They have a list of approved centres and can tell you about one in your area. Ask if you can visit and have a chat with the instructor about your background and what you’d like to do. You will normally start in a group lesson, where around five or six of you learn together. It can be helpful to watch a lesson and see if you like the style of instruction. Check that the horses and ponies you see look happy and well cared for. To start with you just need a steady horse or pony that is the right size for you and won’t run off or spook while you are learning to get your balance and how to steer!
As with all other things, ask amongst people you know that ride, as they may be able to recommend an instructor or riding centre.
The absolute essential is a well-fitting helmet to protect your head. Most riding schools will have a selection of sizes and will be able to lend you one of these to start with, but if you want to buy one for hygiene reasons, make sure it is a PAS015 helmet.
It’s also important to have the right footwear. You need a boot with a small heel that won’t slip through the stirrup. Wellingtons are no good as the rubber can get stuck. Your going out boots will probably have too big a heel. Find something that has a small heel and won’t rub.
Jodhpurs – a special type of legging for riding – are less essential. If you have some close-fitting trousers without a seam, they’ll do fine. Jeans can rub so try to avoid those. You’ll have enough to think about without worrying about sore bits!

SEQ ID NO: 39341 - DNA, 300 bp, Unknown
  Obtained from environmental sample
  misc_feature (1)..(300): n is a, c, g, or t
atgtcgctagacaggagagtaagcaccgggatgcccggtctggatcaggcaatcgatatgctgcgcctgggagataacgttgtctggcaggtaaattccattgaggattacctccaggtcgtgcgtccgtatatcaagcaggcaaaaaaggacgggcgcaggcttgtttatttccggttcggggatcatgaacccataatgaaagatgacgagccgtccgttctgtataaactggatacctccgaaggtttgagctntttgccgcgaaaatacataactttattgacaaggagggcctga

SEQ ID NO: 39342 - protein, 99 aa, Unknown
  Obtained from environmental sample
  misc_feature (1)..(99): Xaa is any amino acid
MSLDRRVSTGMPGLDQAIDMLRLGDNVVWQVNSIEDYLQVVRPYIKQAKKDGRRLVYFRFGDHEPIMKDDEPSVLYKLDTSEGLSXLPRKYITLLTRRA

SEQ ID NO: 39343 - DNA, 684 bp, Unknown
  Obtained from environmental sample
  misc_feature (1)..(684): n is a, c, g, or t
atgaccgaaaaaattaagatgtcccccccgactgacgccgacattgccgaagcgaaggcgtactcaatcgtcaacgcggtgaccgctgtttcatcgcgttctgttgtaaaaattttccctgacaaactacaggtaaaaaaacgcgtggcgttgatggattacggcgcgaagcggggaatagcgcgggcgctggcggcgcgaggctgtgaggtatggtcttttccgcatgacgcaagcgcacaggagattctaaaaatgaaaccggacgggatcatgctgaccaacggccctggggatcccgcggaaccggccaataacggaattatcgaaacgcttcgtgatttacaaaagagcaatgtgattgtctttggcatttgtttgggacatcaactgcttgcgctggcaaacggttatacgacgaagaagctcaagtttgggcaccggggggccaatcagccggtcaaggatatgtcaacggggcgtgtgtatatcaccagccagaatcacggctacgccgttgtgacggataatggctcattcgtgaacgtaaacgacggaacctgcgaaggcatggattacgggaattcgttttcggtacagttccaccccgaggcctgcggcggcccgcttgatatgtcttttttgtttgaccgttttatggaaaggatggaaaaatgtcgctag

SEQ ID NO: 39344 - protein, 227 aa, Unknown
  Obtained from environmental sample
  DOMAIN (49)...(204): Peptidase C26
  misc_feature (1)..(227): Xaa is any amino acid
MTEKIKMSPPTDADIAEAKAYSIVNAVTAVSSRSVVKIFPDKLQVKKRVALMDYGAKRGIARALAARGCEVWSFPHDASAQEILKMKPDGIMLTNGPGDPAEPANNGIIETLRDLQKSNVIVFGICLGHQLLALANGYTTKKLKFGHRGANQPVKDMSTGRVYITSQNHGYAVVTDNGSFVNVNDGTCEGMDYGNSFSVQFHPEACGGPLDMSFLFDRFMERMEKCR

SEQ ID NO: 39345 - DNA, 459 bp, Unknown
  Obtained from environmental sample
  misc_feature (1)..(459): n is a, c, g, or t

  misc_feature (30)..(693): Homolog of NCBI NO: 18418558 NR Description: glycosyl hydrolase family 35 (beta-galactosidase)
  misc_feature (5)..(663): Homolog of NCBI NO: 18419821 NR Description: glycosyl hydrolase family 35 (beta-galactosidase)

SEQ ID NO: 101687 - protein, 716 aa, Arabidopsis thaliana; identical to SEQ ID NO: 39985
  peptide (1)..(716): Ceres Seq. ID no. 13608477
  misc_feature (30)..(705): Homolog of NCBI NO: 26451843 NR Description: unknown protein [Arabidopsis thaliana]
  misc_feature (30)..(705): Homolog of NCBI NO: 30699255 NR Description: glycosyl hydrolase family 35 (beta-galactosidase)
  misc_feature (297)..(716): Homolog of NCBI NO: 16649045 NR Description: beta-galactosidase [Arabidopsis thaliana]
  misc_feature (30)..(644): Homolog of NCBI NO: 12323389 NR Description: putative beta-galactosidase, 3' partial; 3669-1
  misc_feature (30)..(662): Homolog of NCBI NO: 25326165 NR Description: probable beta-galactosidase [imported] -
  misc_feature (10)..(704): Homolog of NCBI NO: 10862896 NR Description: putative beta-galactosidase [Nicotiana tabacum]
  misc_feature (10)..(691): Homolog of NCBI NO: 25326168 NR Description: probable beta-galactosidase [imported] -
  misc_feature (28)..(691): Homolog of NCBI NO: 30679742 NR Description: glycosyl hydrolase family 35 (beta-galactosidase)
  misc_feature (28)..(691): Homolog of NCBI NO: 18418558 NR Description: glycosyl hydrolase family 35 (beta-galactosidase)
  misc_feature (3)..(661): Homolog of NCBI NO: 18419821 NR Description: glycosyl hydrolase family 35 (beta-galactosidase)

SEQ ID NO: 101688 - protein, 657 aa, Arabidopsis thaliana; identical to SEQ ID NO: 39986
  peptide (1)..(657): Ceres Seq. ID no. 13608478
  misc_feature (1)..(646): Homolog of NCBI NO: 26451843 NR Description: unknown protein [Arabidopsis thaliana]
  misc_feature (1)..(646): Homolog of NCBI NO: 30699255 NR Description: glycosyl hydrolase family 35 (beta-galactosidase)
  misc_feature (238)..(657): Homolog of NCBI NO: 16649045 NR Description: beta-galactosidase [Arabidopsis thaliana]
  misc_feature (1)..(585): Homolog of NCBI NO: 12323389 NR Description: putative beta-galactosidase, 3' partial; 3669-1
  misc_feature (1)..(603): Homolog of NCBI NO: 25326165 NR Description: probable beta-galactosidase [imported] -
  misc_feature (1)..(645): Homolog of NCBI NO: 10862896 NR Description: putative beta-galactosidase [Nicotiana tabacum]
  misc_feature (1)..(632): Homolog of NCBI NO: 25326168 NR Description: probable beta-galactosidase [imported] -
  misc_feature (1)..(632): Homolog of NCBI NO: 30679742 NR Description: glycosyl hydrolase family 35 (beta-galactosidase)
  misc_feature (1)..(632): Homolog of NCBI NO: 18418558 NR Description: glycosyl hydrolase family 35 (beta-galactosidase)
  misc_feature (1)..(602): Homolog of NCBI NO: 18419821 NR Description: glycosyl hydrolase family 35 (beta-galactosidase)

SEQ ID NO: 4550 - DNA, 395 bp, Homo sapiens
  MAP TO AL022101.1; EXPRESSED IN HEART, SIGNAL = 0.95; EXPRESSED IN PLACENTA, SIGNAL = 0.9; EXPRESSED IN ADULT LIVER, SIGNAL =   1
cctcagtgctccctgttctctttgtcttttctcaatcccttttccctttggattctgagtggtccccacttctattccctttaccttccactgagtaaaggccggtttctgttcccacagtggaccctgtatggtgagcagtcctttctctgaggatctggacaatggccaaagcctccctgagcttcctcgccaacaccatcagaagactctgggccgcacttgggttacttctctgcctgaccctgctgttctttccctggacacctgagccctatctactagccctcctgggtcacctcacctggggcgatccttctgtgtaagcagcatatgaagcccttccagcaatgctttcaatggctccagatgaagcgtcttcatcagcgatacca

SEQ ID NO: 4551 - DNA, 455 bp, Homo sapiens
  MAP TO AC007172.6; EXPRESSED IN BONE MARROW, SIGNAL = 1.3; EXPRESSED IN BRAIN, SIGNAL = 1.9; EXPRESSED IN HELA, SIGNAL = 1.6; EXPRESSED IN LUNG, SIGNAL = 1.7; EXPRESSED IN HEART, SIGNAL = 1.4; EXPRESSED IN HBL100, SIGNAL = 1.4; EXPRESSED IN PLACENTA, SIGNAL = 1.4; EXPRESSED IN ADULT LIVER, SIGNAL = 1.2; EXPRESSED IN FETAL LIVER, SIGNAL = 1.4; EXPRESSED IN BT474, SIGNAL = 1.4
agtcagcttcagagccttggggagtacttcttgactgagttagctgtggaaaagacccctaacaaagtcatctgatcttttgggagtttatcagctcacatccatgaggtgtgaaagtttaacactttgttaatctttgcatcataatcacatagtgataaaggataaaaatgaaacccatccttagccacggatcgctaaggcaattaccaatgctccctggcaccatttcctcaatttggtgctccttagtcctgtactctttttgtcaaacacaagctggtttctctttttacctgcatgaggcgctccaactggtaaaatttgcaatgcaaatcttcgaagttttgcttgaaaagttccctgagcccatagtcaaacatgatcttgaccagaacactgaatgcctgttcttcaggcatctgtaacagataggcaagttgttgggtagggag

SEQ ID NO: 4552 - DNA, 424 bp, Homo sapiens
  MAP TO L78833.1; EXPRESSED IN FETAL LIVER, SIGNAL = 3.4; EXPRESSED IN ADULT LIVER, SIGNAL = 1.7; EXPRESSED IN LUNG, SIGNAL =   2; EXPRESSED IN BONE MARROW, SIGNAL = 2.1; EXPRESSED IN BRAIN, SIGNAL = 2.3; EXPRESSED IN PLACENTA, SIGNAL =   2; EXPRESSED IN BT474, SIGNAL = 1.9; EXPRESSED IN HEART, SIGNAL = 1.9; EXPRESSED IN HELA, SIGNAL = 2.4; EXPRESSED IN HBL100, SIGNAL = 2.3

Don’t worry about your age - the Queen still rides regularly! Riding is a suitable exercise for all ages. So whether you’re over 50 and looking to start riding now you have the time or have a child that you would like to start, you’ll all be welcome. A riding school will have ponies that are quiet and kind for children to learn on. Plus horses that are the same for larger adults. There is no upper age limit for horse riding – as long as you are physically able to climb on and fairly supple, you can ride. Children probably need to be 4 years upwards to have enough coordination and long enough legs to reach the stirrups and make the pony go forward. You can ask the riding school for advice if you’re unsure.
While you’re learning, a lesson a week or every two weeks is helpful. Costs vary, but budget for around £20-£30 per group lesson. Group lessons are often more fun for kids, plus they can make friends and enjoy sharing their passion. Riding schools and other stables are very social places! It can help to have occasional private lessons to help you progress more quickly with one on one tuition, although these cost more. A hack - which is the horsey word for going out for a ride in the country side – might cost a little less as it requires less direct instruction. An instructor or two from the riding school will supervise you and you will probably go out in a group. You may find you enjoy these hacks at least as much and it can be a good way to get to know the horse and find your balance in a more relaxed way, after some early riding lessons to teach you the basics. And of course, you get to see the countryside as well. These are most fun in the spring and summer when cold toes aren’t an issue.
Horse riding is fun and can be exhilarating (once you’re cantering and the wind is blowing through your hair). And it’s healthy exercise too. A half an hour’s riding lesson will burn about 205 calories! So although it won’t quite burn off a chocolate bar, it’s healthier than sitting on the sofa watching the telly. And you may find you have a new addiction instead – horses. Don’t say we didn’t warn you…finding out how to start horse riding is just the beginning!